When announcing the 2019/20 season at the Royal Lyceum, David Greig said: “With this season I want to throw the doors of The Lyceum wide open and welcome everyone in Edinburgh to a season long feast of music, story, magic and myth.”
In September the season opens with Shakespeare’s achingly beautiful tale of love and belonging, Twelfth Night.
In Wils Wilson’s playful music-filled production there is the folk music and psychedelia of the 1960s, a time when the boundaries between gender and desire, play-acting and truth were still blurred. It’s a play which revels in the possibilities of a world turned upside down but which, in the gloriously sad creation of Malvolio, also shows us the yearning pain of the conventional man who finds himself out of time.
Next the theatre presents a classic tale of hidden love, Cyrano De Bergerac by Edmund Rostand in the wonderful Scots version by Edwin Morgan. Greig said : “Cyrano is one of my favourite stories. I suppose that’s hardly surprising since Cyrano is the story of the seductive power of words – which writer wouldn’t love it? In Morgan’s version it becomes a joyous exploration of hidden desire played out by a big Scottish company on an epic scale. The show will be directed by Dominic Hill and co-produced by The National Theatre of Scotland and Citizens Theatre.”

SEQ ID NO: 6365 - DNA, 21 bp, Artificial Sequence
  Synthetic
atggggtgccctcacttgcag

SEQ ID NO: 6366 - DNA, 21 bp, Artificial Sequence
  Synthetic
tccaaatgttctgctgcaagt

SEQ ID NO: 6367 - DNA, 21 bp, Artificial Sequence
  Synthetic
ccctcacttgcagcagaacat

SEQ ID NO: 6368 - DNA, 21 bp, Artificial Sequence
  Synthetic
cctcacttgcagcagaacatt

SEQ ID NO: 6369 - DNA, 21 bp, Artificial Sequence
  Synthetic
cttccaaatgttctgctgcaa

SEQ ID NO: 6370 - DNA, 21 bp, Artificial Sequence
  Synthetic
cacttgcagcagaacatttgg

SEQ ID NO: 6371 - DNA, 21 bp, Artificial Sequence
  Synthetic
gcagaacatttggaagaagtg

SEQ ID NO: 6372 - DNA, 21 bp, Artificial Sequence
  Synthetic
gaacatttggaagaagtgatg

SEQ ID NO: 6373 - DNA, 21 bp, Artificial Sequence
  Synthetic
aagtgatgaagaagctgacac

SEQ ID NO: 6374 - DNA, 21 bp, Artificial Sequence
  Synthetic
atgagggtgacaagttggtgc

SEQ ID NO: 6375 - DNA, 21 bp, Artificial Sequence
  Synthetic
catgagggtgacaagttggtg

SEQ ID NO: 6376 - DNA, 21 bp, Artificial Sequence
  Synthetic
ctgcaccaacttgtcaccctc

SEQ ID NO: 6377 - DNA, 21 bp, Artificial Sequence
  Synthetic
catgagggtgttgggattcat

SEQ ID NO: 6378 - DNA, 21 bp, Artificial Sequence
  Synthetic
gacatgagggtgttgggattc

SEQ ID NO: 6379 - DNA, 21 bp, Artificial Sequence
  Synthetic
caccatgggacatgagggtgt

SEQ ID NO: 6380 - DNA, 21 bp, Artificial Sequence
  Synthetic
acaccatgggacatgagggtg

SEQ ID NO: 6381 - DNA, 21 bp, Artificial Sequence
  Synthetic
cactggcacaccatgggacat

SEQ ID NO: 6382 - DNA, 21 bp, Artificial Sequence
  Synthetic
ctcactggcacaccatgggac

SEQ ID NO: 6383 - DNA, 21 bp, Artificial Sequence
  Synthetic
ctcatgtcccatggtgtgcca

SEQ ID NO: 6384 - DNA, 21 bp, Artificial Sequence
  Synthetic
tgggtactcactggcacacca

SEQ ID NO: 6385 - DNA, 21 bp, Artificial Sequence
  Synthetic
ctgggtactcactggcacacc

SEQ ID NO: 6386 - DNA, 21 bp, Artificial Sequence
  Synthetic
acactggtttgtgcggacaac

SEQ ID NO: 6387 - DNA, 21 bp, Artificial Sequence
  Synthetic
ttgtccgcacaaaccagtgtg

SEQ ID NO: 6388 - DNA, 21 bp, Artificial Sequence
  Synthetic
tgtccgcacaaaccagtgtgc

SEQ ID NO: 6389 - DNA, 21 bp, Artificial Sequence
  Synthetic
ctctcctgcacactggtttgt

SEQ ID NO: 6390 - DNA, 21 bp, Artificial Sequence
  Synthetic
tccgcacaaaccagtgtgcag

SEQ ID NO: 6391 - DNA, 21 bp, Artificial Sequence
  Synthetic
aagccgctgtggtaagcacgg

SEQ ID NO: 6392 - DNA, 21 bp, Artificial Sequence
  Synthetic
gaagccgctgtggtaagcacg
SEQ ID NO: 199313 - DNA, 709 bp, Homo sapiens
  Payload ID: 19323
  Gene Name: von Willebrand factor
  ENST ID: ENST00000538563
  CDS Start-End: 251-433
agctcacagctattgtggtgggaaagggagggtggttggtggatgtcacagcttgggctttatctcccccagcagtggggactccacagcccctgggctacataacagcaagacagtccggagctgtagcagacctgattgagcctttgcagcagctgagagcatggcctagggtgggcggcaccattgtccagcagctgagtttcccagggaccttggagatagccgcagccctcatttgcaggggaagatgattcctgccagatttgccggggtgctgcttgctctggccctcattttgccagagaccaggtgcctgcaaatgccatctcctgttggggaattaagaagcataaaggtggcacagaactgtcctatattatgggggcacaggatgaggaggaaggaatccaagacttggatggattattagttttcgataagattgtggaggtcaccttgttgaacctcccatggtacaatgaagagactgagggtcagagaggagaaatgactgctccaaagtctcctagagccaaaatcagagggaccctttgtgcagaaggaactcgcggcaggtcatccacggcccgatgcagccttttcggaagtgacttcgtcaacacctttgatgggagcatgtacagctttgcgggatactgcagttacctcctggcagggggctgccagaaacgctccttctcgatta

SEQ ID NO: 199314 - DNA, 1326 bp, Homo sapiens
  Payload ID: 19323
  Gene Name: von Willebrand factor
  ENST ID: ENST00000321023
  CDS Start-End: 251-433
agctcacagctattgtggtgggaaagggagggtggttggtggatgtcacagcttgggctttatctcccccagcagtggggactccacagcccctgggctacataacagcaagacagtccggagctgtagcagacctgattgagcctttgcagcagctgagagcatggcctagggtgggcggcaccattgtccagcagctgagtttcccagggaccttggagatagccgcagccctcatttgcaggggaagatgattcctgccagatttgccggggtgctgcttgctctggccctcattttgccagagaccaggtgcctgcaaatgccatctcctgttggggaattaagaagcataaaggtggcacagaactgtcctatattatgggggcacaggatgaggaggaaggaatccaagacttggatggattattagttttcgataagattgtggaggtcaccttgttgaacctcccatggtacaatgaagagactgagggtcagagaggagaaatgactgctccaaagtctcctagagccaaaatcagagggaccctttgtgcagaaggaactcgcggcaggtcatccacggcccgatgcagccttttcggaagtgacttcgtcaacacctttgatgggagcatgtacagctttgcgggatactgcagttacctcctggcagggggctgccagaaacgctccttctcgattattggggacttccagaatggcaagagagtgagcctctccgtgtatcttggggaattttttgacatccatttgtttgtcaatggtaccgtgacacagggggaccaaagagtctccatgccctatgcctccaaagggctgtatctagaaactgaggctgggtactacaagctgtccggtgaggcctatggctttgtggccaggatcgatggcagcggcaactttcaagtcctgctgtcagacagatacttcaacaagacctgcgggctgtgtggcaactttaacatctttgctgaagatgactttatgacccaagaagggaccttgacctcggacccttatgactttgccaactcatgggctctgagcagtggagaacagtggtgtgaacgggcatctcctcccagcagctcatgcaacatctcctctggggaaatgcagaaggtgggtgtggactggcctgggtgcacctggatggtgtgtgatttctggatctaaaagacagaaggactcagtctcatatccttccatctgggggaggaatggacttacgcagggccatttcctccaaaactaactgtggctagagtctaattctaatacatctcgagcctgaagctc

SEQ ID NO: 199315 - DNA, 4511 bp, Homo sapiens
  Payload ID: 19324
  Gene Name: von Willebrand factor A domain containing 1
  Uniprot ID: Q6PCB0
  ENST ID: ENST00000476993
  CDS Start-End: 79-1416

For Christmas there is a return to fantasy with Wendy and Peter Pan, Ella Hickson’s delightful re-telling of Peter Pan in which the imagination of a young girl turns the simple contents of a Victorian nursery into the extraordinary world of Neverland, where she meets and spars with the eternal child at its centre – Peter Pan.
‘Death’, said Peter Pan, would be ‘an awfully big adventure.’
The autumn and winter season at the Lyceum is going to be a bit of an adventure too for audience goers.